||04-07-2013 12:49 PM
The only discount I give to anybody is my daughter. I mower her yard at 30 bucks a month. that covers the gas. ( I make her do the trimming and edging) Everybody else pays full price.
||04-07-2013 10:55 PM
I thought your correspondence was excellent. You were extremely professional (even if dealing over facebook) and, better yet, you were convincing.
You gave her a list of very strong reasons to hire you for your asking rate. There is nothing wrong with negotiating a little bit as long as you feel you are still getting a fair price.
What's that saying? Better bend than break.
||04-08-2013 03:56 PM
I think early on in your business career, you get this feeling that you need to really explain why your price is what it is. So then there is a tendency to over explain and then get into a debate with a potential customer. I'd say avoid doing that.
You know what you need to make when you spend that amount of time mowing a lawn. You could say 'here is my normal price ** and for you as a friend or relative, I will give you 10% off.'
Make sure the final price is ok for you. The potential customer will see you are trying to work with them and they can feel good about it. They then may or may not go with you.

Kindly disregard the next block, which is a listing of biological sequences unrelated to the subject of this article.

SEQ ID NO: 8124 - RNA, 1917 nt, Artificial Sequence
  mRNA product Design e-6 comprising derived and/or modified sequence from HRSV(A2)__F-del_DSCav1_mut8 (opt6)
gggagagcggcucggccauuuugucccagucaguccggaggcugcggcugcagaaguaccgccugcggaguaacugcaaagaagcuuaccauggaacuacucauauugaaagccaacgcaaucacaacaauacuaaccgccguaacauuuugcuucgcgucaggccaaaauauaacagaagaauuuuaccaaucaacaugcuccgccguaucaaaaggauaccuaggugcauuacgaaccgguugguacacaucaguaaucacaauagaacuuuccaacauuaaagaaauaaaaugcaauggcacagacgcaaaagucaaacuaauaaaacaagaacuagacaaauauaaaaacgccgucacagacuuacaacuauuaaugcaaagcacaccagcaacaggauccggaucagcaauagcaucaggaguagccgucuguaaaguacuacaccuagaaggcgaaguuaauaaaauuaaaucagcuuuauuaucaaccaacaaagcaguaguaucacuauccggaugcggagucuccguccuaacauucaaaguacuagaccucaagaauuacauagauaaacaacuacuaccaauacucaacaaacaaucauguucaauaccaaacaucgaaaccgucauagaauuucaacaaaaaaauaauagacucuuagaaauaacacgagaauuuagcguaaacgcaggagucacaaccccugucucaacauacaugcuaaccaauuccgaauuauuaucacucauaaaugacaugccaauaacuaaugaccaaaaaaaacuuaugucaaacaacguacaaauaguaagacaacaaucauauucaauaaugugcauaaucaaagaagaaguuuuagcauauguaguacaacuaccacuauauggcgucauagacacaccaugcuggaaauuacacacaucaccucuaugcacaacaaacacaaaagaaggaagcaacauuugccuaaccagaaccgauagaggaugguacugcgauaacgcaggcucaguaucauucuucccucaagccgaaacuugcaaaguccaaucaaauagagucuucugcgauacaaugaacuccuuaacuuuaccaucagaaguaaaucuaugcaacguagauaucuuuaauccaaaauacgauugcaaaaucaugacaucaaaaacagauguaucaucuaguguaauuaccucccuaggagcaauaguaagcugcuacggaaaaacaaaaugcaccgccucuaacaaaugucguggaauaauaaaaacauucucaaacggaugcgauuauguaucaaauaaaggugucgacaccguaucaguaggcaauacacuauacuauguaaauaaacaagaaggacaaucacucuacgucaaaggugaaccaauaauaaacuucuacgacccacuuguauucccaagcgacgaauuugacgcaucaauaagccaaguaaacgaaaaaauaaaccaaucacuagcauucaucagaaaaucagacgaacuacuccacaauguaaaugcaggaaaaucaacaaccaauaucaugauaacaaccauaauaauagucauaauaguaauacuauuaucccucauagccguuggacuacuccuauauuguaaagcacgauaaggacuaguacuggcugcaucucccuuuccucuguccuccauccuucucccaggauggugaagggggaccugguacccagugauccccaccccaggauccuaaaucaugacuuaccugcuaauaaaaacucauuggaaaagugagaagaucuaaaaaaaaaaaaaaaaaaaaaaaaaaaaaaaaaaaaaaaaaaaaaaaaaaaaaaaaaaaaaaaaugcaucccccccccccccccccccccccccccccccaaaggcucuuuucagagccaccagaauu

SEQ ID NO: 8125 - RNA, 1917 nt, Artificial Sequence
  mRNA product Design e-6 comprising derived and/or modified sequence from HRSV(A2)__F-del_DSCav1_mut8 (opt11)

Don't sweat it. This person will be able to go back to her sister and say yes he offered a discount and I decided to go with it or not.
||04-08-2013 04:21 PM
I had a client who was unhappy with my price in the contract I had sent.
The person wanted to pay less.
I explained all of the benefits of paying the amount I had set.
(discounts on other services)
The person than replied if I could still lower my price.
What did I do after?
Nothing. I'm going to continue to ignore the person until they give in. I said what was required of me, take it or leave it.
No stress 2013!
Standardize everything. Don't feel remorse. Make money. Be happy.